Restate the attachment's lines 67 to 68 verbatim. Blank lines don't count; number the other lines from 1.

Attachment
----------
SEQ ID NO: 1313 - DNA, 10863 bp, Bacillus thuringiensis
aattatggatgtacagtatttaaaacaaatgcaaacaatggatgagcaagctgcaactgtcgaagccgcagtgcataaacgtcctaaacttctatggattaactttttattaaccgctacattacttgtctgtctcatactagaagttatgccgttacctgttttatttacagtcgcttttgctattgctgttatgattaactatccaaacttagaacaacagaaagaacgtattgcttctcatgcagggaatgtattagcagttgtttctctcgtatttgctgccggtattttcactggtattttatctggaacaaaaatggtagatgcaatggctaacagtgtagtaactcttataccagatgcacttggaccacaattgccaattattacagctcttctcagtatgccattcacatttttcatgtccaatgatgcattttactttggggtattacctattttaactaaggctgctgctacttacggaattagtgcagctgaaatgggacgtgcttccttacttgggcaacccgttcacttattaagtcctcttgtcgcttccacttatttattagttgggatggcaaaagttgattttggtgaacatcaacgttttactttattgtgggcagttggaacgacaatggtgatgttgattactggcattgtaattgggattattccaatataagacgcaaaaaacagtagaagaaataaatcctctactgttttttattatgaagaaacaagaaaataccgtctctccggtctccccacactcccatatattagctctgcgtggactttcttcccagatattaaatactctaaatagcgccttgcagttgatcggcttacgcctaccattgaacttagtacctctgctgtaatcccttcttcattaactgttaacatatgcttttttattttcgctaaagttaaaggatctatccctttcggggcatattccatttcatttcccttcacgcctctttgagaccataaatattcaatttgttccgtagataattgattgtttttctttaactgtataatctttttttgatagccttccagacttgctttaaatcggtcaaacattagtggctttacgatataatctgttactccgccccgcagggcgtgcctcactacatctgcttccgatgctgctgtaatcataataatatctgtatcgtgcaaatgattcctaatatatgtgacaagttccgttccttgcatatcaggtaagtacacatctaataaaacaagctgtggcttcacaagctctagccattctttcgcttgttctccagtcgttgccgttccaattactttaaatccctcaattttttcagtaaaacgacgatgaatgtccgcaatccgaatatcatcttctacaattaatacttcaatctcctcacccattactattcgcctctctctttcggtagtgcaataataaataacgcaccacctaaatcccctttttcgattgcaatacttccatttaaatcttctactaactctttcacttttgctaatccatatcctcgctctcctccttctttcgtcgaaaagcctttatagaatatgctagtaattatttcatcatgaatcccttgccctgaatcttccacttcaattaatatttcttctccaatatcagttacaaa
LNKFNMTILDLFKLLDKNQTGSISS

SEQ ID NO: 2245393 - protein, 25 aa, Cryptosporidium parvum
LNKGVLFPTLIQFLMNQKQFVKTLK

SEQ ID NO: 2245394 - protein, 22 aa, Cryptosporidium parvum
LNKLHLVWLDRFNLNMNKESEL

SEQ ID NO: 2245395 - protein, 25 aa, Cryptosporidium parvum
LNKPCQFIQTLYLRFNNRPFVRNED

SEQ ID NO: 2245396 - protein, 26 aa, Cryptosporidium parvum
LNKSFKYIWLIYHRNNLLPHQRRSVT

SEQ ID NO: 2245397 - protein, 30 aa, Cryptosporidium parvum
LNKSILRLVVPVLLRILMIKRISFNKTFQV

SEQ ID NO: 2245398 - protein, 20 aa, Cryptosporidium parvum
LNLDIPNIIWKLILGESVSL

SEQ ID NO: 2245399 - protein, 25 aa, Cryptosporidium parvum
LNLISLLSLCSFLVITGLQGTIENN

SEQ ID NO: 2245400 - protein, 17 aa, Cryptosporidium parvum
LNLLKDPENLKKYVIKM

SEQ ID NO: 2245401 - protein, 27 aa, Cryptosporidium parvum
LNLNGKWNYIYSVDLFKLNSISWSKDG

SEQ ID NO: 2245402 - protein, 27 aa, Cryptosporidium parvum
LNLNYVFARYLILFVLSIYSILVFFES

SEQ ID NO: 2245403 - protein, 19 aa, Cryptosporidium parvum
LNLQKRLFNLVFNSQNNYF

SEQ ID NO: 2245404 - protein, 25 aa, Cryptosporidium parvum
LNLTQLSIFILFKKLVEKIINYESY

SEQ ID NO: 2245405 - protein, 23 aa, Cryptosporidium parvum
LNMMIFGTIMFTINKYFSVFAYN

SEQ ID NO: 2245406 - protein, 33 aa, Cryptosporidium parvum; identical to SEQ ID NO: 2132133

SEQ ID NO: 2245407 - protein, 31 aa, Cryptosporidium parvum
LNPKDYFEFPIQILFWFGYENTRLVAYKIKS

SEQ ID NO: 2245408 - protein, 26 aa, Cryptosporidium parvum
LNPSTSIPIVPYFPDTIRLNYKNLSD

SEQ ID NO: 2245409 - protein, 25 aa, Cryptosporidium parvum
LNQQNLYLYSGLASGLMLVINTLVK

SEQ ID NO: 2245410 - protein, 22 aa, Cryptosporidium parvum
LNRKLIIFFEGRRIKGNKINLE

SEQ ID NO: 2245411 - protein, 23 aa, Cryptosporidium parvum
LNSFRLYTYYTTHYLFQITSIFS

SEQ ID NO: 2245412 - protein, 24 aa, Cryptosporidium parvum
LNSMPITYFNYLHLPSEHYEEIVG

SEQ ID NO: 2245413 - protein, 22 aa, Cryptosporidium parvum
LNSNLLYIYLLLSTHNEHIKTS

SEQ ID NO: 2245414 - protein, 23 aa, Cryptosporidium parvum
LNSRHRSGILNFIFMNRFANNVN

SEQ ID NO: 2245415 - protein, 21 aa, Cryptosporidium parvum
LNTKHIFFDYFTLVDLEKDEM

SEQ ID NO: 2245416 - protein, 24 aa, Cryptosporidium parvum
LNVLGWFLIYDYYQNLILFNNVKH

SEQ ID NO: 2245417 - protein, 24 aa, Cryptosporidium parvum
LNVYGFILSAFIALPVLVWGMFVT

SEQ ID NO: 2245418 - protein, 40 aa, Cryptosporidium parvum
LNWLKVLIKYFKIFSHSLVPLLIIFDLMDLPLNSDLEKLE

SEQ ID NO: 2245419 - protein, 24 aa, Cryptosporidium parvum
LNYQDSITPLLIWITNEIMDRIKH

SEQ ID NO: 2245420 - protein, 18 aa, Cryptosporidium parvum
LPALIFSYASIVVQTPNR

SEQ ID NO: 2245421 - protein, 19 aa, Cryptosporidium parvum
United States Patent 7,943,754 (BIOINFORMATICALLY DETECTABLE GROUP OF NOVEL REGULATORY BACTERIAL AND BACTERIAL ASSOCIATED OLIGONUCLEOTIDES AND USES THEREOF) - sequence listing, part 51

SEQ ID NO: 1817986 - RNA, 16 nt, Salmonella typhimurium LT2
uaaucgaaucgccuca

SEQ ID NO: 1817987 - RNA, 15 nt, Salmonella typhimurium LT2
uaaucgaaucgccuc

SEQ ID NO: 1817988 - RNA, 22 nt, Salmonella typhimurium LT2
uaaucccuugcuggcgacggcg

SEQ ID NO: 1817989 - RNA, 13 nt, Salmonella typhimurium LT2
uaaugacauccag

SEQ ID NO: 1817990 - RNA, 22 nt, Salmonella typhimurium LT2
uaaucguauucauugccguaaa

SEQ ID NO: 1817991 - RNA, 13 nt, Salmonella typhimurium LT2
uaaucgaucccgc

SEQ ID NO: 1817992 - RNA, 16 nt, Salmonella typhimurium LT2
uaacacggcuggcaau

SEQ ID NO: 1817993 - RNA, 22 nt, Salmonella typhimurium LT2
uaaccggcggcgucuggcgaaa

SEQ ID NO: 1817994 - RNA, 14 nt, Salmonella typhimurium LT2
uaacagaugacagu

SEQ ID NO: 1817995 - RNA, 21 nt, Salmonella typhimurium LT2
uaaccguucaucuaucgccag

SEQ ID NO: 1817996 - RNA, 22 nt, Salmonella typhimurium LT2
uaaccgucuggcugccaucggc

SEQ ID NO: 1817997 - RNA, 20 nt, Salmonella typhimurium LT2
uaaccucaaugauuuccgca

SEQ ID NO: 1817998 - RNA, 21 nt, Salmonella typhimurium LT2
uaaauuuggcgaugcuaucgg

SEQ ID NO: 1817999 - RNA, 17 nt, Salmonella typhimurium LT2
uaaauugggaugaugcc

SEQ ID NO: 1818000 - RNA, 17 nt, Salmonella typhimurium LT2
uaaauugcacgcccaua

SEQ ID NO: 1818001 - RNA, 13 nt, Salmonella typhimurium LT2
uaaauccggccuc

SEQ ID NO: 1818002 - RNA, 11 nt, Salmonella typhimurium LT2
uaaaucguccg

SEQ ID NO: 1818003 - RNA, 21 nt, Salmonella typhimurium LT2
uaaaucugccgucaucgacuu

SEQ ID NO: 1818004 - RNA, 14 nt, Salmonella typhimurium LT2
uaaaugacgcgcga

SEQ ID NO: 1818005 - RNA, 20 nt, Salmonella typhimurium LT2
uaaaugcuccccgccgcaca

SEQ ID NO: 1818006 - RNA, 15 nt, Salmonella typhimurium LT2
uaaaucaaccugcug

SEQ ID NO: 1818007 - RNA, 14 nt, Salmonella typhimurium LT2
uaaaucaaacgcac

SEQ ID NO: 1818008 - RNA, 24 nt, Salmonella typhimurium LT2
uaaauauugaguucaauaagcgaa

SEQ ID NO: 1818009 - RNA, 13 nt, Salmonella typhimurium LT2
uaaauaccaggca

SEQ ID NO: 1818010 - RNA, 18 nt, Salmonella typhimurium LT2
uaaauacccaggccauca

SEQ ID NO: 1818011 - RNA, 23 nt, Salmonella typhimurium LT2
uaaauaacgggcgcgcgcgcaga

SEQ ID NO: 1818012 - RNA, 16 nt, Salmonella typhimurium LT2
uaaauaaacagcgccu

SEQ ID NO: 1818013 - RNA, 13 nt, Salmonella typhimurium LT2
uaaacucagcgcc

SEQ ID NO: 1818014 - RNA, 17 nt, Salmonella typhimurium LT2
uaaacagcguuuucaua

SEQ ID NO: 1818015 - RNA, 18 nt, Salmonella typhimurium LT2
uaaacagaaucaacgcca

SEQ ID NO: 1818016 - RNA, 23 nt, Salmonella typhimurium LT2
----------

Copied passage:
SEQ ID NO: 1817989 - RNA, 13 nt, Salmonella typhimurium LT2
uaaugacauccag